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At 50, Cyclist Tina Pic Has Plenty Left in the Tank

If Tina Pic takes first place in the women’s Twilight Criterium race on May 7, she’ll be the first person in the history of the race to win Twilight four times. And she’ll do it just shy of her 50th birthday.

But every Twilight is special to the New Mexico native, who started team cycling here in Athens and went on to win the Collegiate National Road Race title just a year later in 1995.

“I just sort of fell into it,” she says. “I was running one day, training because I did duathlon,” which involves running and cycling. “I saw these women cycling, so I asked if they knew anyone on the University of Georgia team. They said, ‘Yeah, we’re on the team.’ And that was it.”

Originally planning to become a surgeon—she jokes that medical school may be in her future yet—Pic was pre-med at UGA when she started to win in road races. More than two decades later, she’s won a long list of races and earned the most points in the USA Cycling National Racing Calendar for four years (2000, 2004–2006). She was an alternate for the 2004 Olympics in Athens, Greece.


Retiring seems to be the only part of cycling she doesn’t like. After stepping out of competition in 2009 and taking a director’s job, she came back in 2012. “Directing has just as much pressure, just as much travel,” she said. “So, I decided to race.”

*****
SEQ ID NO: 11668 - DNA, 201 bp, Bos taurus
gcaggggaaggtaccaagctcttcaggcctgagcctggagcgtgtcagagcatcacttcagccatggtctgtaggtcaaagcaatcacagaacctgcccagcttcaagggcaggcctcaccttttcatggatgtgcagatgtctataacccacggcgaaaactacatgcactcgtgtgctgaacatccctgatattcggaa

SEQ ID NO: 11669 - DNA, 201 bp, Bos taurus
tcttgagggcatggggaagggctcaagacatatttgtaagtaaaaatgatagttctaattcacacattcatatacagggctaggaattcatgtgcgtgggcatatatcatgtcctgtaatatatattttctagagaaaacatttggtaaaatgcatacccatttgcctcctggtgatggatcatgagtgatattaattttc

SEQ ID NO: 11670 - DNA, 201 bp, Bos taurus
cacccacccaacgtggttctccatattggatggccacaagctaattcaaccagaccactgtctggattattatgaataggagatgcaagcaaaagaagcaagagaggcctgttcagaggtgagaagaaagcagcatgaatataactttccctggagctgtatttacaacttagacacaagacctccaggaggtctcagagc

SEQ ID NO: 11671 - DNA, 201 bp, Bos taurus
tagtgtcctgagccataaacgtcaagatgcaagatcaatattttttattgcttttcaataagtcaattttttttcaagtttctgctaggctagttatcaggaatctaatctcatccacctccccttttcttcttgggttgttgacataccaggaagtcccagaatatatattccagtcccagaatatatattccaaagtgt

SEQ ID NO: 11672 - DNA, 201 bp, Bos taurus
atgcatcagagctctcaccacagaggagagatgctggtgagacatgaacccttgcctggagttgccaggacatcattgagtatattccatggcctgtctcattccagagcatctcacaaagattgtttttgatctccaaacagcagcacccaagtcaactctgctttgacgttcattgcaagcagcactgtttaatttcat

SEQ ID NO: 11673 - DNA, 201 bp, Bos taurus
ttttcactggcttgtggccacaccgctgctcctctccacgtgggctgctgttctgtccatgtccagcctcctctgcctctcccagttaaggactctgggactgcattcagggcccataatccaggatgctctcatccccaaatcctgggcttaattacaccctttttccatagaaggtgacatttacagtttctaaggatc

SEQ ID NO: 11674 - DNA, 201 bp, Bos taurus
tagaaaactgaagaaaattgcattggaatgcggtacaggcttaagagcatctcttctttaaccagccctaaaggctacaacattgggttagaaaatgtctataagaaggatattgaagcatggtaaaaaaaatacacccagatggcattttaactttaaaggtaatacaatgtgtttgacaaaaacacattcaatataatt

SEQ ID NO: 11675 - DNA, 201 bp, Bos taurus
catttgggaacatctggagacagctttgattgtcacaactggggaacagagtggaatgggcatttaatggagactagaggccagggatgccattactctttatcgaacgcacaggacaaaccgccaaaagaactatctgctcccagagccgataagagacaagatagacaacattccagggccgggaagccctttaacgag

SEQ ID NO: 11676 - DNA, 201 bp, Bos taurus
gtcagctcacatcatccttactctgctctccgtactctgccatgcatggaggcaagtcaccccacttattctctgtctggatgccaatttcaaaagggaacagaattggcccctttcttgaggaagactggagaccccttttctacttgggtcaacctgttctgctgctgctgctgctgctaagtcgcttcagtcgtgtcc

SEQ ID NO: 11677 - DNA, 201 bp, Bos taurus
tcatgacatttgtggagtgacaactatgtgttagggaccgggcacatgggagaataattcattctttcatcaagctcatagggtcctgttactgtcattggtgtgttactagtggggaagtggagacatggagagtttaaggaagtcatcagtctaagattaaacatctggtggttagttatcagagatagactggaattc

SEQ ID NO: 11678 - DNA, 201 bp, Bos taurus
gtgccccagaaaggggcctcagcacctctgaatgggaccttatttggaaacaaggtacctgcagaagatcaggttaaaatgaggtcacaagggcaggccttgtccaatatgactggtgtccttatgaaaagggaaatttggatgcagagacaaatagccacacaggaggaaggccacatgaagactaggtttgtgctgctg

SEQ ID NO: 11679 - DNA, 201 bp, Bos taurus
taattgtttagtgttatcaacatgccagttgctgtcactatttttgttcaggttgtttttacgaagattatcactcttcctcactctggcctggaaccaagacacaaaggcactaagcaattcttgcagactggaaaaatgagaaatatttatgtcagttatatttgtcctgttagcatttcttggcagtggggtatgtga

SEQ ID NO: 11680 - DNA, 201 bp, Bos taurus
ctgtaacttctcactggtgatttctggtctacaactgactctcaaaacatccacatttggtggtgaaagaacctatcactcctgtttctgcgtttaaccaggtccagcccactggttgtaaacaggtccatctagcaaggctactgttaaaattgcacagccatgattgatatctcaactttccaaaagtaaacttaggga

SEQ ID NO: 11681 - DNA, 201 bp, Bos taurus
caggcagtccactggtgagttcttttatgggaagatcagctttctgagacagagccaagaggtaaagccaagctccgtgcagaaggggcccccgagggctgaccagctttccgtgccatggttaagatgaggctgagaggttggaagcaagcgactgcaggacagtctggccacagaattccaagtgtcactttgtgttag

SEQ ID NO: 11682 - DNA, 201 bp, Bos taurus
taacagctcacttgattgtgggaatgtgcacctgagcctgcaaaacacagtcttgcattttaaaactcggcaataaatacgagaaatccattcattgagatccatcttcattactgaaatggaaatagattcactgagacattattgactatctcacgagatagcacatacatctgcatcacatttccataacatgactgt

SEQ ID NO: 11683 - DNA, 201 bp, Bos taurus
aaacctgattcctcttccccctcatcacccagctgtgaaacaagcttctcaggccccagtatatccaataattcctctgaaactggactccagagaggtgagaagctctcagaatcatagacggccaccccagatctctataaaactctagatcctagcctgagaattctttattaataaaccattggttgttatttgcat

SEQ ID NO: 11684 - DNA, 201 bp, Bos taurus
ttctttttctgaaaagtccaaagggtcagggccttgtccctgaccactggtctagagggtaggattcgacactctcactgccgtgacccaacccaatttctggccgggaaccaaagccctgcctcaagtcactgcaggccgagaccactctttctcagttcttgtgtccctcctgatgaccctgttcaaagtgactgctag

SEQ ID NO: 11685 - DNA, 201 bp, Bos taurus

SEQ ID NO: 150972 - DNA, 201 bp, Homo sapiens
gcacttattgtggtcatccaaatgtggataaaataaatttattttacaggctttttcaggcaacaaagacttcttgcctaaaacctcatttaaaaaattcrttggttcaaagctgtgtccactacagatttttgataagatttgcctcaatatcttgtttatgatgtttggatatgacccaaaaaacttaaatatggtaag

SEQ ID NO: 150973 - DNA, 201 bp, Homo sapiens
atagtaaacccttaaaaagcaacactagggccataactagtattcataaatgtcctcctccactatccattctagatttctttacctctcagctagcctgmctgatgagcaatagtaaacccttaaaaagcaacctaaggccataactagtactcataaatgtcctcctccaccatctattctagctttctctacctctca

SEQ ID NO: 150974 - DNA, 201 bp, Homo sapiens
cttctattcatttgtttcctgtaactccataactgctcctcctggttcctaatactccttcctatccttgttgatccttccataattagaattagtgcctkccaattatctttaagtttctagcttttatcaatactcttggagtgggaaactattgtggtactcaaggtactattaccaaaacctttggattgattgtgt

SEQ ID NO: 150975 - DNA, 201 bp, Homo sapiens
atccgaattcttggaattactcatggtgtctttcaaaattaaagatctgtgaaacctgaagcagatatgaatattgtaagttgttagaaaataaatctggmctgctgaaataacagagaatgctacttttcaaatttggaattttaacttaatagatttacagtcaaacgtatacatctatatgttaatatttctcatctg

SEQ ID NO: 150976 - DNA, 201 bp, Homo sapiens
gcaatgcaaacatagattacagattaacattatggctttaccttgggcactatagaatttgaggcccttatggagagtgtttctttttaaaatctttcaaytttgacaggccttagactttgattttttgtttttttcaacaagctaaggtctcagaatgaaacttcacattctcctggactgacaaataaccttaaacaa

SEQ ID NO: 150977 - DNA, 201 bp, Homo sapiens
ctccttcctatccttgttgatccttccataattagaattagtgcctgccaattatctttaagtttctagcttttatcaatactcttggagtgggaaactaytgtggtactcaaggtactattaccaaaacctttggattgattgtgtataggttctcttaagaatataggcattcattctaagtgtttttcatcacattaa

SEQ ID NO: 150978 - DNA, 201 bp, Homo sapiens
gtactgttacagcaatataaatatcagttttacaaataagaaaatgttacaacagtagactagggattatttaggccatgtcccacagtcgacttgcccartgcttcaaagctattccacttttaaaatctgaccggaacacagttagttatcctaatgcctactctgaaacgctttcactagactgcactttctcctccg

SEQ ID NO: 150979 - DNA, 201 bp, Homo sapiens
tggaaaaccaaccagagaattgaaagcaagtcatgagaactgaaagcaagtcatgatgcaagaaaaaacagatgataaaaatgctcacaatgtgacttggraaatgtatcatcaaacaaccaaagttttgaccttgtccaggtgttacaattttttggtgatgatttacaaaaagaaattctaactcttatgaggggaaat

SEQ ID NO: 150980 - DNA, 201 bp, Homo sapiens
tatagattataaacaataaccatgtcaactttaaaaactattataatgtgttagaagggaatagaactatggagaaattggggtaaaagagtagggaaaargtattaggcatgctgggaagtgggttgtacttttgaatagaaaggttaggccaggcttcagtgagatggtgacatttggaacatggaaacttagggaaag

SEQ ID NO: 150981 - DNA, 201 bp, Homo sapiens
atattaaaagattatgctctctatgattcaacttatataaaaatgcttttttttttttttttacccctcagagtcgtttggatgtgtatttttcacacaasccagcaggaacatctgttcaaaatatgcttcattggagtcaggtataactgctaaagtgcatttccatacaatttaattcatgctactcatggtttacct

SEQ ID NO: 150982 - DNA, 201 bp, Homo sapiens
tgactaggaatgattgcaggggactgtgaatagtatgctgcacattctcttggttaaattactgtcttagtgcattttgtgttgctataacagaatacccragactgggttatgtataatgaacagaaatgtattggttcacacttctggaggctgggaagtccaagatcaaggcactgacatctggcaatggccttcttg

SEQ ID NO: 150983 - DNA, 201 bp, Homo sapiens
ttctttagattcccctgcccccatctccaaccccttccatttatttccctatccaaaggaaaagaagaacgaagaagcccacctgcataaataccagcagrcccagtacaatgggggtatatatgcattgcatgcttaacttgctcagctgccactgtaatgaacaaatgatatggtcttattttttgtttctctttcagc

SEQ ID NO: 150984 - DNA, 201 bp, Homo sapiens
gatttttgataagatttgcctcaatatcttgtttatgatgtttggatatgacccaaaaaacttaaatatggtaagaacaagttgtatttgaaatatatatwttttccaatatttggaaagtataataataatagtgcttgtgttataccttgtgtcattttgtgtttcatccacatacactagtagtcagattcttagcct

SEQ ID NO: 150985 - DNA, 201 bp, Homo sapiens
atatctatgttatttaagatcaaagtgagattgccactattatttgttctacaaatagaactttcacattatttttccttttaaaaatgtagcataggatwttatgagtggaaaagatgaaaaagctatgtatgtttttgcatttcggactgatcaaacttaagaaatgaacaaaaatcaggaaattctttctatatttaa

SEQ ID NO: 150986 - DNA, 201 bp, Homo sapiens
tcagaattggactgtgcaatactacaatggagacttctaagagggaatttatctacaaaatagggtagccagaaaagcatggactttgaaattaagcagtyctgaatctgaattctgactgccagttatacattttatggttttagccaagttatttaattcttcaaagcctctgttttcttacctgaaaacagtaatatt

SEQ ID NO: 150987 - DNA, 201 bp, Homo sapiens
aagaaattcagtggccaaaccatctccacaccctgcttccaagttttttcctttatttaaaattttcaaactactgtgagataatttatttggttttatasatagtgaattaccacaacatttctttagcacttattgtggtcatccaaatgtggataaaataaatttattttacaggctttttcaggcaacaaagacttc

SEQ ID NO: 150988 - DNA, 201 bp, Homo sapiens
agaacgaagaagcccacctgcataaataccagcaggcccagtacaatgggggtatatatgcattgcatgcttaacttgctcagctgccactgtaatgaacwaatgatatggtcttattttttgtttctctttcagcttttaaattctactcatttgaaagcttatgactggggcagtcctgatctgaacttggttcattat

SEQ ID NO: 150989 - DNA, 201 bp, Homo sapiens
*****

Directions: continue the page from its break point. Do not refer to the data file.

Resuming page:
The Happy Tooth team member suffered a broken collarbone and a winless 2013, but came back to win Twilight in 2014 and 2015; with a win from 2004 as well, she is the only racer to ever take first place at Twilight three times.

“Twilight is always challenging for me because I consider Athens home. This is where it all started. This is where I met my husband and we got married. It’s a special place,” Pic says. “There’s just that little extra bit of pressure for me.”

A fourth Twilight win wouldn’t be the only major life event for the week. She turns 50 on May 9. In some ways, experience is its own advantage. “This sport is so tactical. When you are younger, you ride with brute strength. You are just smashing as hard as you can,” she says. “You get smarter the more you ride. It takes me time, but I learn from my mistakes.”

She doesn’t know what the future holds, though. “I started at 28. You can go further than you think,” she says. “I’m still looking at Laura van Gilder and asking, ‘How’s she doing? Are her knees holding up?’ But she seems to be fine.” Van Gilder, who placed third in last year’s Twilight, is 51.

In a sport where men often draw more attention, women like Pic give girls a role model. “Gender is a deep issue in the sport,” Pic says. “Men make so much more.”

The U.S. is better than in Europe, where she placed second in a road-race stage several years ago and won a whopping 100 Euros. After the team divided the prize eight ways, she walked away with $8—for a second-place finish.

While racing takes her across the country, the travel doesn’t leave much time for anything else, including other outdoor sports that she loves, like skiing. “My husband asks how much longer we are going to do this,” she says.

But she’d miss the camaraderie of riding with other cyclists. Where she lives in Utah, winter snow forces her to train inside; the other cyclists she meets on the road seem content to ride solo. “I miss the smells of the Southeast. I miss the humidity,” she says. “But most of all, I miss the group dynamic of cycling.”